Everywhere I look I see growing evidence that people in our hard-working industrialized nations have become exhausted and angry about living under the dominance of unrestrained capitalism. "Much like the Occupy movement in the United States," writes Simon Romero and William Neuman in this morning's NY Times, "the anti-corruption protests that shook India in recent years, the demonstrations over living standards in Israel or the fury in European nations like Greece, the demonstrators in Brasil are fed up with traditional political structures..." (see http://www.nytimes.com/2013/06/22/ world/americas/ sweeping-protests-in-brazil-pull-in-an-array-of-grievances. html?hp I would add to this list both the revolutions of the Arab Spring as well as the recent actions in Turkey.
(I LOVE this take on an old tune.)
Two domestic clues underscore this mounting frustration:
+ David Brooks' column, "The Humanist Vocation," speaks to what has been lost in a culture devoted to and obsessed by the bottom line. "Back when the humanities were thriving, the leading figures had a clear definition of their mission and a fervent passion for it. The job of the humanities was to cultivate the human core, the part of a person we might call the spirit, the soul, or, in D. H. Lawrence's phrase, 'the dark vast forest.' This was the most inward and elemental part of a person. When you go to a funeral and hear a eulogy, this is usually the part they are talking about. Eulogies aren't resumes. They describe the person's care, wisdom, truthfulness and courage. They describe the million little moral judgments that emanate from that inner region.... (But) somewhere along the way, many people in the humanities lost faith in this uplifting mission."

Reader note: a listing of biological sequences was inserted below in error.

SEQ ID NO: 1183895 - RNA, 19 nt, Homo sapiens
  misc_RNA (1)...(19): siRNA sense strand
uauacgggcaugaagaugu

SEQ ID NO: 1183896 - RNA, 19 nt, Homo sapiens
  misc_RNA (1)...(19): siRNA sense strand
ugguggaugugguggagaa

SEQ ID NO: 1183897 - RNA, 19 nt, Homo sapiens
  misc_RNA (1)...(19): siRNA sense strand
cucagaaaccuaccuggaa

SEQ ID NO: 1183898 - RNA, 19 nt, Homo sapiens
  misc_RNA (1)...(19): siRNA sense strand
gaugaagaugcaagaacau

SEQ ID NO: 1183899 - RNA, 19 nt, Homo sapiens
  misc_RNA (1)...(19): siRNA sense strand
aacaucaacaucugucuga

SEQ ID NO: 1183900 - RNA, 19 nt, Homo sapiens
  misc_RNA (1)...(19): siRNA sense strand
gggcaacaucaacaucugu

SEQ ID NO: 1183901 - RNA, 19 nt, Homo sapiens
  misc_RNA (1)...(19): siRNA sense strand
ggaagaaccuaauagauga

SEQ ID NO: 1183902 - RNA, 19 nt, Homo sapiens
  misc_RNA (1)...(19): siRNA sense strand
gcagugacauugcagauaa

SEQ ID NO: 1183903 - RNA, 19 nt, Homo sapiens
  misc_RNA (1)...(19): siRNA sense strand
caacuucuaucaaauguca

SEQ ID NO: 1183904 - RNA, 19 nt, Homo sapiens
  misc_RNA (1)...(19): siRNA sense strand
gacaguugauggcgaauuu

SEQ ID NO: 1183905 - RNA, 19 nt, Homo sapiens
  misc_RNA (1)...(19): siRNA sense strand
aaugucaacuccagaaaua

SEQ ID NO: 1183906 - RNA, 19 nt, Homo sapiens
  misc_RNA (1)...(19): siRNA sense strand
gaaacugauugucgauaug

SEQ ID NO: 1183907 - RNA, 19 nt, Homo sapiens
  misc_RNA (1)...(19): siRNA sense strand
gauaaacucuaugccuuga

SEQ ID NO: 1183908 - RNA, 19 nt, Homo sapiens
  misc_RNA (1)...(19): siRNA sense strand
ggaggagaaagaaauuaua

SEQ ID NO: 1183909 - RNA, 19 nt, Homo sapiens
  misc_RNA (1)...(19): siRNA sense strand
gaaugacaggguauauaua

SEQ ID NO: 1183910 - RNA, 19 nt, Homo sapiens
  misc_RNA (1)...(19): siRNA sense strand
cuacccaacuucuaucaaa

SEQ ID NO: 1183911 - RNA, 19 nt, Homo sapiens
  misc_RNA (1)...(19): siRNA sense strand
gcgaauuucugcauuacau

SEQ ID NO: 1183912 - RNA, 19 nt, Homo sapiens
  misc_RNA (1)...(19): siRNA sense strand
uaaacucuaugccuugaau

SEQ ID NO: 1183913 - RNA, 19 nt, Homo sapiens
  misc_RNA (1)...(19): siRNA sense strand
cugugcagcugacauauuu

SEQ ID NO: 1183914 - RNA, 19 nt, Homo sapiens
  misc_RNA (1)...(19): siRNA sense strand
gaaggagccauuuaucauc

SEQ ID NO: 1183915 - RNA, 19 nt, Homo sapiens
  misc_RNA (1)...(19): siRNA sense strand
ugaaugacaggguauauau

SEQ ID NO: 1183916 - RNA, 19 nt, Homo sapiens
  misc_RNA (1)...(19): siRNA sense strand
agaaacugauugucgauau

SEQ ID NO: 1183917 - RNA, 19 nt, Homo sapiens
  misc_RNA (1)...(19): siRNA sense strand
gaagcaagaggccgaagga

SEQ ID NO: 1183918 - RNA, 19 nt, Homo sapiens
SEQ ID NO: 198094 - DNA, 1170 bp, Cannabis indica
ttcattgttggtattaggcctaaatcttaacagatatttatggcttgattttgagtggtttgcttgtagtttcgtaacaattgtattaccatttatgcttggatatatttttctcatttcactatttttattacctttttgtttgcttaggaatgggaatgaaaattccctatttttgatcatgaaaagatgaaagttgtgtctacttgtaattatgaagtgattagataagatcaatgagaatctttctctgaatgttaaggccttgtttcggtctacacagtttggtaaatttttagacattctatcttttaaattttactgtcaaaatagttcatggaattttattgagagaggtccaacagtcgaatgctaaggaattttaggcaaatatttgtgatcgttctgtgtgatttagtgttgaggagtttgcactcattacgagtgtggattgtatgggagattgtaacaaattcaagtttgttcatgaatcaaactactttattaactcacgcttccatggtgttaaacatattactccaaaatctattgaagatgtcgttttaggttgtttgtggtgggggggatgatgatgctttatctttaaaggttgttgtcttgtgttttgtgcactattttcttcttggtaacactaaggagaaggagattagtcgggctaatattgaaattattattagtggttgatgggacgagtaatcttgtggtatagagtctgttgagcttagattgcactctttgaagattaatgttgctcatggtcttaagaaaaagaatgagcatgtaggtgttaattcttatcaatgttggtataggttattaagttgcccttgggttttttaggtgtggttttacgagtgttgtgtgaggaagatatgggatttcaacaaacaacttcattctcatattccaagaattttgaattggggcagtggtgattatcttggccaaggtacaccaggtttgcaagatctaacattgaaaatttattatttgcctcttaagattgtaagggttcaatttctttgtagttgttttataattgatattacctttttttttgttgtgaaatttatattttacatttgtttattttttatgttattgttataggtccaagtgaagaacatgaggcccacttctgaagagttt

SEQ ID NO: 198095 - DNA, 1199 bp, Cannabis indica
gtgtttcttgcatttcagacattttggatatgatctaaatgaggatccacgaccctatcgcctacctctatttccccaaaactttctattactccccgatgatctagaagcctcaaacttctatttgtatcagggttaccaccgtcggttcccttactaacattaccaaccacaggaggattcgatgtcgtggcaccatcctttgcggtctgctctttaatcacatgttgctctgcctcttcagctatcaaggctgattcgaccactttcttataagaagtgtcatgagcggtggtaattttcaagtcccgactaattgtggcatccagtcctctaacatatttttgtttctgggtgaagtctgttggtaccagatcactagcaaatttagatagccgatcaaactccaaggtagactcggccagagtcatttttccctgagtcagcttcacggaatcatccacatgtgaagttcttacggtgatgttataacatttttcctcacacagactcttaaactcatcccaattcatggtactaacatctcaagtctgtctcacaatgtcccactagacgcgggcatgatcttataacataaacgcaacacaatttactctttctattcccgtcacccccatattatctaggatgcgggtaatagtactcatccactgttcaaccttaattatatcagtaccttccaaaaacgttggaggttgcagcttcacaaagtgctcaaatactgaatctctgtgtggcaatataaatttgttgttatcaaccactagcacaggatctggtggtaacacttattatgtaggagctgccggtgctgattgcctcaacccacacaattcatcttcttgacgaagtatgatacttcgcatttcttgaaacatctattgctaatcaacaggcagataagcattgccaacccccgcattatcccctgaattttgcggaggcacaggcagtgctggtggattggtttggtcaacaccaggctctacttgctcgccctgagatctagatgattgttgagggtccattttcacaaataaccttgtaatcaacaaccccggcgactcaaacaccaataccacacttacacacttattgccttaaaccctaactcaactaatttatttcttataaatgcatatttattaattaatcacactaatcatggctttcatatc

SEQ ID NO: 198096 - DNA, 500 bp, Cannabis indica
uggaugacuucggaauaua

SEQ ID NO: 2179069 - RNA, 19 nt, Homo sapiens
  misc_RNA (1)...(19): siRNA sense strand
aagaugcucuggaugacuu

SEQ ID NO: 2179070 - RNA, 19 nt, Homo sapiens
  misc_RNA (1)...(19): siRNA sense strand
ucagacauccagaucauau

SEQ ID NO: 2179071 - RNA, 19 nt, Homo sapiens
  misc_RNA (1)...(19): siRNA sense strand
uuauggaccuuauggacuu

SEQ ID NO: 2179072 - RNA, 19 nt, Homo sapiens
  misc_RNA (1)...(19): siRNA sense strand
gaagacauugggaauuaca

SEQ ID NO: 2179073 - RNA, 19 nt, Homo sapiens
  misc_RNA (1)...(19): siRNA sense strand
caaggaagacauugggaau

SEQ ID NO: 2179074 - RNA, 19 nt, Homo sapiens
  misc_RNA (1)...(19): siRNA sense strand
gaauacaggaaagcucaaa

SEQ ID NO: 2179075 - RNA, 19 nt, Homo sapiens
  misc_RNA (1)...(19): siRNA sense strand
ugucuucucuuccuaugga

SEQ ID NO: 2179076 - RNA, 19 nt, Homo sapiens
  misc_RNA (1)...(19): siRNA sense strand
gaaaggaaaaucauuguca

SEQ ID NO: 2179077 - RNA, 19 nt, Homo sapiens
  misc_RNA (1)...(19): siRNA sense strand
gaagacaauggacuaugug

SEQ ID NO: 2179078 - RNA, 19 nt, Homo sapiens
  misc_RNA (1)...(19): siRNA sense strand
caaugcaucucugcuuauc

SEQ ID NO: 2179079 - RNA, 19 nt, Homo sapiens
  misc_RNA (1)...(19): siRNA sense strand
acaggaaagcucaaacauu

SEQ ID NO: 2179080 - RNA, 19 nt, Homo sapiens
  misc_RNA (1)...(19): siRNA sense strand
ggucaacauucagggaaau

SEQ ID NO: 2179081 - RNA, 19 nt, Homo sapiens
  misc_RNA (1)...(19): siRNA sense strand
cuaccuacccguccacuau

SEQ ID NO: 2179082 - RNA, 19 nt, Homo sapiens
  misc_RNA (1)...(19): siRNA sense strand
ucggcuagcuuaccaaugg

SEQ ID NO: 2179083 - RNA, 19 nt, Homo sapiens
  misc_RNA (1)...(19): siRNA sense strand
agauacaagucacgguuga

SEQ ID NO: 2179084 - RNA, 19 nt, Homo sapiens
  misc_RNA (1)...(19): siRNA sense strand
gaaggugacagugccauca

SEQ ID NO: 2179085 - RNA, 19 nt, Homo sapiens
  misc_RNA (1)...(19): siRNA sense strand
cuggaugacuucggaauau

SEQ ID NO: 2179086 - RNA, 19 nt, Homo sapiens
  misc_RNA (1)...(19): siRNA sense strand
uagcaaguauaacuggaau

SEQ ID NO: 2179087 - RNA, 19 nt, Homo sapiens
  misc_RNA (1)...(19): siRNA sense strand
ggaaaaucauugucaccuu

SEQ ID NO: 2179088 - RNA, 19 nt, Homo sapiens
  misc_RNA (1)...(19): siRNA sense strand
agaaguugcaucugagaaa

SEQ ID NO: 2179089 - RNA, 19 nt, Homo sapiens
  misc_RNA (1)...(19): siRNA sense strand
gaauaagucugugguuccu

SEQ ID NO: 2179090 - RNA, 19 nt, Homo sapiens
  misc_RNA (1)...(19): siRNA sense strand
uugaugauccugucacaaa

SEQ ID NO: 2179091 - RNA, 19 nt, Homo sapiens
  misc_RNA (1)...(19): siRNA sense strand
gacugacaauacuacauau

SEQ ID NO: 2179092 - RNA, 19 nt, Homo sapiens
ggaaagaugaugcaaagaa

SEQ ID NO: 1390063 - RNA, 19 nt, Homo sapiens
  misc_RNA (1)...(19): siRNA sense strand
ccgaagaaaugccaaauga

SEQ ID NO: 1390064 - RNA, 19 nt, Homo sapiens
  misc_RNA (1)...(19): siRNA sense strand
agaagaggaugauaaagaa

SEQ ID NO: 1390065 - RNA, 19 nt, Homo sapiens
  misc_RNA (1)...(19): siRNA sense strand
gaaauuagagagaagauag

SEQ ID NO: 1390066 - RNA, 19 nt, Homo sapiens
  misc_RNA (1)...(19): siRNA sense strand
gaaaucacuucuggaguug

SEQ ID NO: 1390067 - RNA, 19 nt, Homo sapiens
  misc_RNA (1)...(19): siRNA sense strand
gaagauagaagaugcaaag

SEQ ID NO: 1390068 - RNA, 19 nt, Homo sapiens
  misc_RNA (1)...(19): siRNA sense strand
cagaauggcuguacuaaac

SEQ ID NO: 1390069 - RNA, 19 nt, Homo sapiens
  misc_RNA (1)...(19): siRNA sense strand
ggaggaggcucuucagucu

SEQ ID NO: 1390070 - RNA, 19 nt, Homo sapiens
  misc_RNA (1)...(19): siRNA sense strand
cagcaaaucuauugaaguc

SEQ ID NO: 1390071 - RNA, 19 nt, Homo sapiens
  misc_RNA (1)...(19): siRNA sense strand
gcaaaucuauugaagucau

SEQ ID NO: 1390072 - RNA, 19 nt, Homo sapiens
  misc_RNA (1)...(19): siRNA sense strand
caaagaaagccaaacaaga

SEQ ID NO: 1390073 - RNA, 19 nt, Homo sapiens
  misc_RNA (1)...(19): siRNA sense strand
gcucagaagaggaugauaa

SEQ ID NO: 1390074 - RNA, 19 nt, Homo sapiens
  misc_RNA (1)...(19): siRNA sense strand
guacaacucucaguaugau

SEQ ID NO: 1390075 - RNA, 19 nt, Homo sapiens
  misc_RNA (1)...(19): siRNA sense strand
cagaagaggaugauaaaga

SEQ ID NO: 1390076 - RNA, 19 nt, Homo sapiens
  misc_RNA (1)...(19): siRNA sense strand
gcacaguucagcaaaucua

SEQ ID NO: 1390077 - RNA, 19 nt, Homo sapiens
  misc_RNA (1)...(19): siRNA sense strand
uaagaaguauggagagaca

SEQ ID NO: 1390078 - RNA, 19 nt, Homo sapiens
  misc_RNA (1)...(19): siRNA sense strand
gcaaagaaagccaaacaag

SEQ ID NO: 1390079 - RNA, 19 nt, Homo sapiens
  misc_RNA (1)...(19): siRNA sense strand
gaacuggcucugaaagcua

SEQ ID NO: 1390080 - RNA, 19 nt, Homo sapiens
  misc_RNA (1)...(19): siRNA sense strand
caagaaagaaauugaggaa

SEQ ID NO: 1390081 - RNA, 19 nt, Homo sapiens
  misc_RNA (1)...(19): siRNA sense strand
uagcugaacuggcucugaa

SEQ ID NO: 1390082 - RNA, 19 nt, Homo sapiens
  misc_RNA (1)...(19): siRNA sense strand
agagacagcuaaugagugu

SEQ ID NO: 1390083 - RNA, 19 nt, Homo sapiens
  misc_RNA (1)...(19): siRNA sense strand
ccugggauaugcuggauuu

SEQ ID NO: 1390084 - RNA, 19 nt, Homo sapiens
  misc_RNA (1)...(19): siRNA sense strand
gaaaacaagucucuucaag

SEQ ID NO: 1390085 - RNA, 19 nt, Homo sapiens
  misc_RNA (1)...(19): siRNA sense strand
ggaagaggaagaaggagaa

Brooks observes that 50 years ago, 14% of college degrees were given to students who majored in the humanities. Today it is only 7% and declining. "Most people give an economic explanation for this decline. Accounting majors get jobs. Lit majors don't. And there's obviously some truth to this. But the humanities are not only being bulldozed by an unforgiving job market. They are committing suicide because many humanists have lost faith in their own enterprise." ( see: http://www.nytimes.com/2013/ 06/21/opinion/brooks-the-humanist-vocation.html?ref=todayspaper)
It would seem that the collective imagination of many of our most passionate and poetic minds have also been ground down by the relentless demands of the marketplace. Turning a profit, making a deal and satisfying the bottom line have become the essential goals of our era. Small wonder James Gandolfini's brilliant portrayal of mobster Tony Soprano resonated so deeply with so many: he knew something was missing - he was empty and sad within - but he didn't know what else to do except keep on. But it never worked because the harder he tried, the worse it became...